Friday, 10 June 2011

Thames Tributary River Roding – tributary stream to the Roding - Norton Mandeville

Thames Tributary River Roding – tributary stream to the Roding
The tributary stream flows west to the Roding and is joined by smaller tributaries from the south and from the north.


Post to the east Forest Hall
Post to the east Norton Mandeville
Post to the south High Ongar

Norton Mandeville
The name indicates a connection to Geoffrey De Mandeville one of William the Conqueror henchmen and an ancestor of the Earls of Essex.

Norton Lane
This was once called the Causeway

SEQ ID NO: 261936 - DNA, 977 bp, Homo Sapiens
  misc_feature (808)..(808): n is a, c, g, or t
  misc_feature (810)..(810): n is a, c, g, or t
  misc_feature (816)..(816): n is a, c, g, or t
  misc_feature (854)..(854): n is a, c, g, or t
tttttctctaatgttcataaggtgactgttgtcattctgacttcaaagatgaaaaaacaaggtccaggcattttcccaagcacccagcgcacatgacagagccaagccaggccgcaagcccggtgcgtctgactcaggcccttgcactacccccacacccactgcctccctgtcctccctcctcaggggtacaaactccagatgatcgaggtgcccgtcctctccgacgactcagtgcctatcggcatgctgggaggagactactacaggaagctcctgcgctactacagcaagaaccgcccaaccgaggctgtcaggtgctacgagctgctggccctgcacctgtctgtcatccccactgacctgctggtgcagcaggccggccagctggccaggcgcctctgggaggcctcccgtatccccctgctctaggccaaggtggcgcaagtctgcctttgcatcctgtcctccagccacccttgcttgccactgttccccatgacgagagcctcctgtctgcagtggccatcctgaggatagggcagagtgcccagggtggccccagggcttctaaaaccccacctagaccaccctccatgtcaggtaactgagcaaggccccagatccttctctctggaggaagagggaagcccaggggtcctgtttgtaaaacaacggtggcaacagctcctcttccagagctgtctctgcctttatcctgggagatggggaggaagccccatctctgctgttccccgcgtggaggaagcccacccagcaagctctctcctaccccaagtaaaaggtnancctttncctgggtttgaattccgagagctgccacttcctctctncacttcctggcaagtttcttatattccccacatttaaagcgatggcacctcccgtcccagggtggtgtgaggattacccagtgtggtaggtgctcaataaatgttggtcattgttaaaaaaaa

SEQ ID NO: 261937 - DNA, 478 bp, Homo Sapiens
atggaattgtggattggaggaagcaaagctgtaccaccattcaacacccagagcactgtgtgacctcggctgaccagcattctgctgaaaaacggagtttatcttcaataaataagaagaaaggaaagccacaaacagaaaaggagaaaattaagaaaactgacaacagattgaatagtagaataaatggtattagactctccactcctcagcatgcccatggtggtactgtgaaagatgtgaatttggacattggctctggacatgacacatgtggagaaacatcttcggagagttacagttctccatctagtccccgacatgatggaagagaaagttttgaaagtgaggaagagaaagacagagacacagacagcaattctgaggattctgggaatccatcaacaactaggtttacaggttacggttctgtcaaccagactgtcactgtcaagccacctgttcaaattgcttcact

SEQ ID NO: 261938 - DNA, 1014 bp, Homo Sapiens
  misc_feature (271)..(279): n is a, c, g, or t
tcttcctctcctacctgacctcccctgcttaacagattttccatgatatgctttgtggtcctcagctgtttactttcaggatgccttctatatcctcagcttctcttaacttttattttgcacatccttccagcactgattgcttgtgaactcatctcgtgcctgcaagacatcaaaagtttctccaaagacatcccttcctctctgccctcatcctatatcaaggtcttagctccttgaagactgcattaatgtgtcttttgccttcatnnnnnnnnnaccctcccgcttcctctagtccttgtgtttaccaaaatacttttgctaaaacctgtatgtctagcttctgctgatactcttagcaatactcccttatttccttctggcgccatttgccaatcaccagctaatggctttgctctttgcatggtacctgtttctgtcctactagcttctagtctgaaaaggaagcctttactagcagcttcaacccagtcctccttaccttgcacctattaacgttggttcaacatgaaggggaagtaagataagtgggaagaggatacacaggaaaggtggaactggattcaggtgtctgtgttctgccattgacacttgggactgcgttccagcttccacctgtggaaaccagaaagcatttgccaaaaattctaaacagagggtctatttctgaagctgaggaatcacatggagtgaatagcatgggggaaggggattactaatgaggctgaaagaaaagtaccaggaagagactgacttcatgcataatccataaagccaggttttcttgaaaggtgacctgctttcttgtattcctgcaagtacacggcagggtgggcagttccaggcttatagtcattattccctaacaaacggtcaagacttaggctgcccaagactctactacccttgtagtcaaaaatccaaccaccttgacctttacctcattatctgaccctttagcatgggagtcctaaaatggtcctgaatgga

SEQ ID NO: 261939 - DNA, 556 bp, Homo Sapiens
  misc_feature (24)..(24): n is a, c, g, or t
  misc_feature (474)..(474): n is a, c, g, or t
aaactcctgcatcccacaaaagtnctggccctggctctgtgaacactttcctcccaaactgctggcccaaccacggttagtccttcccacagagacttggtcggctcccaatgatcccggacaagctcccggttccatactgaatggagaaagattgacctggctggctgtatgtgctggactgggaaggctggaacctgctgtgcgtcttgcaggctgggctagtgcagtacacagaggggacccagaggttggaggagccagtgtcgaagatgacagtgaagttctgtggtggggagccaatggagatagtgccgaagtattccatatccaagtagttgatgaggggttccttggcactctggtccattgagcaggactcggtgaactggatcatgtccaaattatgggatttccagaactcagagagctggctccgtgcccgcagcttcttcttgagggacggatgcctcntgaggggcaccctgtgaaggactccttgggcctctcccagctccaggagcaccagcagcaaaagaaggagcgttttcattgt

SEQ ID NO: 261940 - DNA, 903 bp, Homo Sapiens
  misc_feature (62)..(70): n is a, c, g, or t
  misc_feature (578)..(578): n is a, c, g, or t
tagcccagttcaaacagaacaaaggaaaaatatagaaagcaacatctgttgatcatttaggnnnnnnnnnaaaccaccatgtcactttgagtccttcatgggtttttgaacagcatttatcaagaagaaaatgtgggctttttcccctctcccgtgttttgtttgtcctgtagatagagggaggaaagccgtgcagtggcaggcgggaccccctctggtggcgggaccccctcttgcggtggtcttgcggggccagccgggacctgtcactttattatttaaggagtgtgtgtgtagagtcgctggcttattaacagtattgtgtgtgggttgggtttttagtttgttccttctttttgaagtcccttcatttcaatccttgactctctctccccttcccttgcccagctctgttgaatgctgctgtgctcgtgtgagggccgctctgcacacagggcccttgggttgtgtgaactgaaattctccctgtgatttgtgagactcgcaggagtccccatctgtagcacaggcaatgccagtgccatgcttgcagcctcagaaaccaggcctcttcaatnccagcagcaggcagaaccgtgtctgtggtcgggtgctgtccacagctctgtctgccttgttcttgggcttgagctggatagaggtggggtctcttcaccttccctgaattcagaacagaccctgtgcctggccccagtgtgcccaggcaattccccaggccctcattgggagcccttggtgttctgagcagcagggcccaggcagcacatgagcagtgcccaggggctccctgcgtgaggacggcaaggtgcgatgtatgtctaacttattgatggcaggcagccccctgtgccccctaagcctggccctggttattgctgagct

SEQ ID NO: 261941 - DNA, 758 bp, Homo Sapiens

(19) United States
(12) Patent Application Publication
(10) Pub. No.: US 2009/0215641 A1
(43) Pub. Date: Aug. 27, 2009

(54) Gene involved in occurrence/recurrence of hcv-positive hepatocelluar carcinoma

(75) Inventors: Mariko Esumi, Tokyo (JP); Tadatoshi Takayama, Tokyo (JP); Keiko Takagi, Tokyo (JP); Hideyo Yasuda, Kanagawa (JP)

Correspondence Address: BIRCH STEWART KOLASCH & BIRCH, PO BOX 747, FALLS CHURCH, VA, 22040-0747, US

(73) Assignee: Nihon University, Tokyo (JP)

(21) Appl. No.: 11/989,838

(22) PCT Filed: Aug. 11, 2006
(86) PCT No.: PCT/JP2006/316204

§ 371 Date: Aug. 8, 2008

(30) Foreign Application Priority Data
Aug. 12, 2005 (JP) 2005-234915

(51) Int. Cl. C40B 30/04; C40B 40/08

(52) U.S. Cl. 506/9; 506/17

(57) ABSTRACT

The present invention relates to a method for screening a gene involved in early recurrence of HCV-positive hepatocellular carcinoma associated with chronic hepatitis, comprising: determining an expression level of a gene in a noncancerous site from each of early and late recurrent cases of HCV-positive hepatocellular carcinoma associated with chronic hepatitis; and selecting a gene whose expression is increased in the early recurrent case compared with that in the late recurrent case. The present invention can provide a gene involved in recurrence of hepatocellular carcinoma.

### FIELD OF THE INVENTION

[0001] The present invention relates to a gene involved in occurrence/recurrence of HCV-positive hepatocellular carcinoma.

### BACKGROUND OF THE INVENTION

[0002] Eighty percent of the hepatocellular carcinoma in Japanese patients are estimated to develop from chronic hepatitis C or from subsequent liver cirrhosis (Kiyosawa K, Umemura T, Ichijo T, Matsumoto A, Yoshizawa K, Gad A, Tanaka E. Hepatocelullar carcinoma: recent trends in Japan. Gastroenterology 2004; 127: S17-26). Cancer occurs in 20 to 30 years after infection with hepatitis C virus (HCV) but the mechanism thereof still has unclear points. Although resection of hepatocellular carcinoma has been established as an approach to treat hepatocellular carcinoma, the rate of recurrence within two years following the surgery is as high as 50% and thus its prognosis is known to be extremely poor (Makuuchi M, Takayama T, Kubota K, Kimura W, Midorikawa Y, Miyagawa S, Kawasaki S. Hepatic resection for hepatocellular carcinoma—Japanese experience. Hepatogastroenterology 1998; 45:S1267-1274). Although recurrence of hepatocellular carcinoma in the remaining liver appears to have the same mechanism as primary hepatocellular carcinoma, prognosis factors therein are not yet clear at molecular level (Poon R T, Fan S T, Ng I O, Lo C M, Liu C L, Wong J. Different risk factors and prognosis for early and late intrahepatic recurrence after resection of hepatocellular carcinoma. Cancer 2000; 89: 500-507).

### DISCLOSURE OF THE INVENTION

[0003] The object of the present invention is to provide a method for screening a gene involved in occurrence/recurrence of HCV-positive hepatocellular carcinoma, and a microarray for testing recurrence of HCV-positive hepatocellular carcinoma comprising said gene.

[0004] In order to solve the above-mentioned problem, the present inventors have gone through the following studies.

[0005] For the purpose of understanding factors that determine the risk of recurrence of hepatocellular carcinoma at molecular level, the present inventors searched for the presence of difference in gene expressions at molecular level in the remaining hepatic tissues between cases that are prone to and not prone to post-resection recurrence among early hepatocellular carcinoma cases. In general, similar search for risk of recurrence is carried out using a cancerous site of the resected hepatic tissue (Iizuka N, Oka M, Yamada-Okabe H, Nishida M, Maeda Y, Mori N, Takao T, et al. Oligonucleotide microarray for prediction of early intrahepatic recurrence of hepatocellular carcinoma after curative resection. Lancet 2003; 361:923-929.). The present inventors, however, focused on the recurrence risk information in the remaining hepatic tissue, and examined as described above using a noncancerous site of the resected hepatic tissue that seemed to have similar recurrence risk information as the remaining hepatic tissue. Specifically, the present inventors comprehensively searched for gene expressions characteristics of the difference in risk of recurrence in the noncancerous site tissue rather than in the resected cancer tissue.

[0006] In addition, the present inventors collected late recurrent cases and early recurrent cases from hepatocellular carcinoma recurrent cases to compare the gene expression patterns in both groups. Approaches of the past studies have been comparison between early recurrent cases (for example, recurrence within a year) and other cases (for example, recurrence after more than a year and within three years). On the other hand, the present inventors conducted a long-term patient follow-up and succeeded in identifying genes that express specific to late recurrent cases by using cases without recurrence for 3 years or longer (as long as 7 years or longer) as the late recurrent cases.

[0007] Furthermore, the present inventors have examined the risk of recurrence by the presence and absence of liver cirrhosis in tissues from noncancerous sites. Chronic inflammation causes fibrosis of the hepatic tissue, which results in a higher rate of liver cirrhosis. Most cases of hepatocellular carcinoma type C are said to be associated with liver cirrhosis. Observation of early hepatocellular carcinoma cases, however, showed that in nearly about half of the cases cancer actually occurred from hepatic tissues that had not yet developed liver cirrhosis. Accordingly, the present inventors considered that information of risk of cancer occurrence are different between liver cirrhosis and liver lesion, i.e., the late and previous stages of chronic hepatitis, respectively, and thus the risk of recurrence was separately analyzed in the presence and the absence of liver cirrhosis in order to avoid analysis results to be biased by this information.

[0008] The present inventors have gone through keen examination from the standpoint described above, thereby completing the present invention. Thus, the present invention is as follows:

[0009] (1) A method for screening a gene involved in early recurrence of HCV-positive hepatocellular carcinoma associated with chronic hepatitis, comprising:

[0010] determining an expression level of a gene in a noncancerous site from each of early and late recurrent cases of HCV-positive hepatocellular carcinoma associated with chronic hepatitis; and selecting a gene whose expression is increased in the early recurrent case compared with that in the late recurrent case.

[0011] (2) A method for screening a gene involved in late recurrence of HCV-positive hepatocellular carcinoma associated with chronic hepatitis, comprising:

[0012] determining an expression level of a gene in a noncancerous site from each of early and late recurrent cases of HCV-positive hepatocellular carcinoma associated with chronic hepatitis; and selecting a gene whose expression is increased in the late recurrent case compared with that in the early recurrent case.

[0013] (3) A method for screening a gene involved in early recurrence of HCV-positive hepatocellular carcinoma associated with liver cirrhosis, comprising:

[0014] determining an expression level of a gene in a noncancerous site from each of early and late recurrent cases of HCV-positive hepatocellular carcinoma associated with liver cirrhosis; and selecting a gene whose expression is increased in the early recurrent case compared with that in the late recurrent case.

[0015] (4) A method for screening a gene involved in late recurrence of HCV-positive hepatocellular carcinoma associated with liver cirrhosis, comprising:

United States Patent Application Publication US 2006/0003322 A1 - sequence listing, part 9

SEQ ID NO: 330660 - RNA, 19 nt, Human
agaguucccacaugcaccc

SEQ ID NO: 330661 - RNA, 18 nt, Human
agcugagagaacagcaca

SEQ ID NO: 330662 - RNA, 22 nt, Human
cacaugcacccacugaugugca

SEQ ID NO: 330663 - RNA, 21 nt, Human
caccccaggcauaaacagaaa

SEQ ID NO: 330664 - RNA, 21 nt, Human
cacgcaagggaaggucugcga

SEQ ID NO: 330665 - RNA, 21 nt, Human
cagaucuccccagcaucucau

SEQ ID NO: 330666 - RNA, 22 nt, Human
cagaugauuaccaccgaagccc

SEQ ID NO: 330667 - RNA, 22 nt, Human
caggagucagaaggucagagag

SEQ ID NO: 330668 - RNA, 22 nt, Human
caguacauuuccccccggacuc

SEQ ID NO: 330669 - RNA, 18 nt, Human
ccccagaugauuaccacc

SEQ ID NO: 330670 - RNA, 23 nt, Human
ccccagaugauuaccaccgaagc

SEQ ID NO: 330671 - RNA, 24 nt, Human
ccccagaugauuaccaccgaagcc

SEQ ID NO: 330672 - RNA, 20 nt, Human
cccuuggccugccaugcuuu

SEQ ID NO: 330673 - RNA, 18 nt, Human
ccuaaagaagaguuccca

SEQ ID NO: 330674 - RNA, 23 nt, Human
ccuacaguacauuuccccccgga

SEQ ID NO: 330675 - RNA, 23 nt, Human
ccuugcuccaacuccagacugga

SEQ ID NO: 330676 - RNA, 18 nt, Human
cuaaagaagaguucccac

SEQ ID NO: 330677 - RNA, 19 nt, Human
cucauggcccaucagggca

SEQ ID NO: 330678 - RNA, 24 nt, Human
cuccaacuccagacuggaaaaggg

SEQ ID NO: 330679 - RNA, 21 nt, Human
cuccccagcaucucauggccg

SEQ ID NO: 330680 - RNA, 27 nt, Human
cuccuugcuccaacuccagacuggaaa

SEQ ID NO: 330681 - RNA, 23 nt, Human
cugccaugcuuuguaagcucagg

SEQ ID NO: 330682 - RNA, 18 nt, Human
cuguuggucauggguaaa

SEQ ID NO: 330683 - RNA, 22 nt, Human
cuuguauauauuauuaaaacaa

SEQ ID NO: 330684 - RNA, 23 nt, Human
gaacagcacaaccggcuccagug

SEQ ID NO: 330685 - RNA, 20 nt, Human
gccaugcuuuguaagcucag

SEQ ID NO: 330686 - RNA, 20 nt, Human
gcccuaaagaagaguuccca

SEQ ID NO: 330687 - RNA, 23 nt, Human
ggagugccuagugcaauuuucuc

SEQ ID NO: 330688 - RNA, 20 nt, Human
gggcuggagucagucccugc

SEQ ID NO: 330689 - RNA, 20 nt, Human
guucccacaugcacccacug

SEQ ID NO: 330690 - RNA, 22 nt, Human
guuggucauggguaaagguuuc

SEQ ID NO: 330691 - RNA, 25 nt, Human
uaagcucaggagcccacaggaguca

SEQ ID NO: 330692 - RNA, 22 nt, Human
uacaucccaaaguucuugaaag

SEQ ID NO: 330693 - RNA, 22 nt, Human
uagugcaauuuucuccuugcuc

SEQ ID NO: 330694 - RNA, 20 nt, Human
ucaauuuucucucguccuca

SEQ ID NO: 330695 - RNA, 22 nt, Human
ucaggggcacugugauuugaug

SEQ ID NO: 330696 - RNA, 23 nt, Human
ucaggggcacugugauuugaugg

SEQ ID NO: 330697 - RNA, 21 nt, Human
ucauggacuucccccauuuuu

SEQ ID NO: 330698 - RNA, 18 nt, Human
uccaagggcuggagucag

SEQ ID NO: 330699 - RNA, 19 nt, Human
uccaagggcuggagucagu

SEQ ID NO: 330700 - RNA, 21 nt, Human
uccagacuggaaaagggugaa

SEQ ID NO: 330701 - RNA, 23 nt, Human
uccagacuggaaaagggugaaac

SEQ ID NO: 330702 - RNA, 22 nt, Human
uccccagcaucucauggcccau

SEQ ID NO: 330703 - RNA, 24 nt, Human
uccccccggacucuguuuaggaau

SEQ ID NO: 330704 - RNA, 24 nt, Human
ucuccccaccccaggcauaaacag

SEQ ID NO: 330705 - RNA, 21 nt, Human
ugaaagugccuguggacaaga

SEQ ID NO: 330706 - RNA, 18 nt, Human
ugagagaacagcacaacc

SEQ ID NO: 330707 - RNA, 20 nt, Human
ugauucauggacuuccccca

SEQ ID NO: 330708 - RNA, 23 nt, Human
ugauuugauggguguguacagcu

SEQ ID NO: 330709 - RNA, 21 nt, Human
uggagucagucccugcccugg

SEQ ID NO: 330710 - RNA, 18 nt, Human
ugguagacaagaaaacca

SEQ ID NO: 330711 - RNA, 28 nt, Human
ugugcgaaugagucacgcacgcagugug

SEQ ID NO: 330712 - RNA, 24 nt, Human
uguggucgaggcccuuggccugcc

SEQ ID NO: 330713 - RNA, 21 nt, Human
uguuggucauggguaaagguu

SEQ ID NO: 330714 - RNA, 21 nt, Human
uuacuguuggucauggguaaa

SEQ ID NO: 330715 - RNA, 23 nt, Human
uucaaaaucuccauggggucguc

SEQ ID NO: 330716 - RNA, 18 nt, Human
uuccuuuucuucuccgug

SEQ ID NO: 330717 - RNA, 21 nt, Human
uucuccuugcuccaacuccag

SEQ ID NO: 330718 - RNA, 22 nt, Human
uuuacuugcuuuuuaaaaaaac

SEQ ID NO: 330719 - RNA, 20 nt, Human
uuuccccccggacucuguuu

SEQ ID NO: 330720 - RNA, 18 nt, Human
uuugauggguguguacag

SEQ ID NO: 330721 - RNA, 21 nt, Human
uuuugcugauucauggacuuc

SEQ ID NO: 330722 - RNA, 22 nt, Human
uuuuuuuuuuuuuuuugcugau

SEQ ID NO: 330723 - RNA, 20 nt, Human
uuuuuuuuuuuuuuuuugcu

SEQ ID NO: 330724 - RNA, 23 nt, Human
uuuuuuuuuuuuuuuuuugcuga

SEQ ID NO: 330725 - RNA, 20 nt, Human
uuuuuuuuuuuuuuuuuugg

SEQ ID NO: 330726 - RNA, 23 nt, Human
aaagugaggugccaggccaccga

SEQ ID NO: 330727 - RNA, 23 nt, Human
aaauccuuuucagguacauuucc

, and is mentioned in documents from 1260. Great Causeway field and Little Causeway field lay to the sout5h of it.
All Saints church. The church is lit by oil lamps and candles, there is an hour glass to time the sermons, and there is a set of royal arms. The weather boarded belfry is late 14th. The church itself is 14th built of flint rubble but there are some remains from the 12th. It probably dares from about 1190 that Galiena de Dammartin and was connected to the Priory of St. Leonard's at Bromley, Middlesex. It also had links to the nunnery at Stratford – but on the whole was too small to bother with. The church was restored in 1903 and the porch built. It was bombed in 1944
Churchyard. There is a Millennium yew tree planted in 2000. It is a nature reserve but is used by local pea-cocks.

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